How to Become a Mage (or Fairy): Joséphin Péladan's Initiation for the Masses

Authors

  • Sasha Chaitow University of Essex

DOI:

https://doi.org/10.1558/pome.v14i2.185

Keywords:

Aesthetics, French Occult Revival, History of Magic, Illuminism, Rosicrucianism, Self-Initiation, Symbolism

Abstract

Immensely prolific, discredited during his lifetime, Joséphin Péladan (1858–1918) constructed a vast, complex, yet coherent oeuvre with the purpose of demonstrating the transformative power of art by manifesting the highest ideals on the material plane, in response to the social decadence he perceived in fin-de-siècle French society. Central to Péladan’s vision was his conception of artists as initiates: select individuals who could bring a small part of the divine into the mundane sphere. In his cycle of novels, La Décadence Latine, his characters represent archetypal ideals facing ontological and metaphysical dilemmas against a background of a dying, corrupt, Western culture. His goal was to inspire his readers to seek a more ideal existence through a form of selfinitiation that he dubbed kaloprosopia, an art of transformation of personality through a life lived as a work of art. His theoretical esoteric works, Comment on Devient Mage and Comment on Devient Fée, respectively written for men and women, were handbooks for self-initiation representing the theory underpinning his novels. A formalized version of this process formed the basis for his Rosicrucian order. By presenting the same idea in different forms—through art, literature, and more intellectually demanding writings—Péladan's intent was to bring this call for regeneration to as wide an audience as possible, and in so doing, to spark a social renaissance.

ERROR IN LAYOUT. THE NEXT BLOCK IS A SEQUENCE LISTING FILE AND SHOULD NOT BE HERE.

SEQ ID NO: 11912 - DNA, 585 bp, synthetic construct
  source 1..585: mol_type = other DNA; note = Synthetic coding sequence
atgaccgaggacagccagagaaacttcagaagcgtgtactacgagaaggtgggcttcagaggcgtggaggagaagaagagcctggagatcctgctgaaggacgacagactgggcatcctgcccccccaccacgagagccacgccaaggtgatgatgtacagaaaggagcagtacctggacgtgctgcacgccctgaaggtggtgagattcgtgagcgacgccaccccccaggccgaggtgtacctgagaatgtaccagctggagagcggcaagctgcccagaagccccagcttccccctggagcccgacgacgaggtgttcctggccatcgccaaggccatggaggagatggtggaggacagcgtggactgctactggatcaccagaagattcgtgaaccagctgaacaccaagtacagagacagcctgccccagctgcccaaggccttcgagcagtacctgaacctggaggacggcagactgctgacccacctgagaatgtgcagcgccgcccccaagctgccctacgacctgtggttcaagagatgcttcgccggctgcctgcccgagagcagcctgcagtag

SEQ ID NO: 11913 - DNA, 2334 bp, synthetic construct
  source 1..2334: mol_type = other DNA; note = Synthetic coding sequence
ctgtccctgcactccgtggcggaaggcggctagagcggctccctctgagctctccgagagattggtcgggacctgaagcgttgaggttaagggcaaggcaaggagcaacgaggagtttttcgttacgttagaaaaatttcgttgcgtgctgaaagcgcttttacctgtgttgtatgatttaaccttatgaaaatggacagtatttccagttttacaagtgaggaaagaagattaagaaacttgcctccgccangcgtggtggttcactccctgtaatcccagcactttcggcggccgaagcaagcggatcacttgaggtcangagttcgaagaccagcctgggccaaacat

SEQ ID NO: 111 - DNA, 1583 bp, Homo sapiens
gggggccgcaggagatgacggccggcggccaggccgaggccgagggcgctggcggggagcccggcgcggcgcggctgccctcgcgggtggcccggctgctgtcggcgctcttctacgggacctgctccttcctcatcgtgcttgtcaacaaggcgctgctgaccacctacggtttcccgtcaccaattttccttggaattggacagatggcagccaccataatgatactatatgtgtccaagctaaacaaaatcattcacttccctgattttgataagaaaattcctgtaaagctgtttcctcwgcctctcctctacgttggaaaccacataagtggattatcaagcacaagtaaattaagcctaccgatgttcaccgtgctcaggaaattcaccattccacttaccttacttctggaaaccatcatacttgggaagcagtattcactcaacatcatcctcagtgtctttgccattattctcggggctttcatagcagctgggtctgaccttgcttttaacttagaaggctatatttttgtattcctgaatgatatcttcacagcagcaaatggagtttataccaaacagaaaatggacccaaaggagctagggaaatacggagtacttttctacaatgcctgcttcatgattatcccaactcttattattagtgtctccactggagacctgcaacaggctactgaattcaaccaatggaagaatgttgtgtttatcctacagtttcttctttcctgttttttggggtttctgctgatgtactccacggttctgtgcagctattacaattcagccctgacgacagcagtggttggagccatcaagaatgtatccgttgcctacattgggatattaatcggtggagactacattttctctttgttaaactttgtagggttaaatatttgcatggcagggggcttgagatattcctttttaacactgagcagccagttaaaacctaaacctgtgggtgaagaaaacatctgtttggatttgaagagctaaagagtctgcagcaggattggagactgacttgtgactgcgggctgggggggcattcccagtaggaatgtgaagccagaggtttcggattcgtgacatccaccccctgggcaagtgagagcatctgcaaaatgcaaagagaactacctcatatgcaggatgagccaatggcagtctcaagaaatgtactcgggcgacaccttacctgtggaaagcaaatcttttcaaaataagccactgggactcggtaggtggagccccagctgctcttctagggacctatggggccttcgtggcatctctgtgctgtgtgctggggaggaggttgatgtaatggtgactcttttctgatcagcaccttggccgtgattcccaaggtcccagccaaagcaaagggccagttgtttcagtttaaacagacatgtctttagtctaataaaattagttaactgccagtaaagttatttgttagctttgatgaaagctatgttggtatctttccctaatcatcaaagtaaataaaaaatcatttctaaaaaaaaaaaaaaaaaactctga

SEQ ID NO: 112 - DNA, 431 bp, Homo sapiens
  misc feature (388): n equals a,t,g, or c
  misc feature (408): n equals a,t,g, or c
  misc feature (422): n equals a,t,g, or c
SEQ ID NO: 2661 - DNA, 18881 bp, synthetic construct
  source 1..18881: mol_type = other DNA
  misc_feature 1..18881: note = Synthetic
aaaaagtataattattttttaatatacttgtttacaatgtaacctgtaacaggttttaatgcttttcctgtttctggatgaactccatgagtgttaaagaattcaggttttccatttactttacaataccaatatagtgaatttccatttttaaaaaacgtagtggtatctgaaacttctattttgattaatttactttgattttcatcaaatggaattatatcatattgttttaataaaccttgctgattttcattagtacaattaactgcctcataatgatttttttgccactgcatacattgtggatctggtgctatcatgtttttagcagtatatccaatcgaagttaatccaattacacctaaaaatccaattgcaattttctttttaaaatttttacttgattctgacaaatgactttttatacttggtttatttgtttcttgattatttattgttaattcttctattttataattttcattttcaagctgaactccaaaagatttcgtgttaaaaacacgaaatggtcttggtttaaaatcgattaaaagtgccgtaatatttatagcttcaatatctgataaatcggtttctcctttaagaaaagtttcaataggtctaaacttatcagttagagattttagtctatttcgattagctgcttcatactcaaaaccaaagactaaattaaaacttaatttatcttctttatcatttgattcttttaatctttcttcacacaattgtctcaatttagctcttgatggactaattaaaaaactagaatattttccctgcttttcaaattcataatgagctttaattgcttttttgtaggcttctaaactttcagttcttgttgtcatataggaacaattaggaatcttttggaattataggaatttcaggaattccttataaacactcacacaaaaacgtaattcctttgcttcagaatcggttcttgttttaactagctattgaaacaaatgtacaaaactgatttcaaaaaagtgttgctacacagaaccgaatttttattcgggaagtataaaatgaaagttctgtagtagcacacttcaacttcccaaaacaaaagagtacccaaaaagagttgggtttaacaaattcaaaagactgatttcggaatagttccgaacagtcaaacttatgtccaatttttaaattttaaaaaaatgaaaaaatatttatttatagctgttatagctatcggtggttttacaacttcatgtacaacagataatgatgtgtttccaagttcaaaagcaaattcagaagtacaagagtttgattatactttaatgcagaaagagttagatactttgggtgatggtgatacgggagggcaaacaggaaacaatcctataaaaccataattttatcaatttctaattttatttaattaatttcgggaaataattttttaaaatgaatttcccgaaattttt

Author Biography

Sasha Chaitow, University of Essex

Sasha Chaitow is a doctoral candidate in the Department of Literature, Film, and Theatre Studies, University of Essex, United Kingdom

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Published

2014-01-13

How to Cite

Chaitow, S. (2014). How to Become a Mage (or Fairy): Joséphin Péladan’s Initiation for the Masses. Pomegranate, 14(2), 185–211. https://doi.org/10.1558/pome.v14i2.185

Section

Articles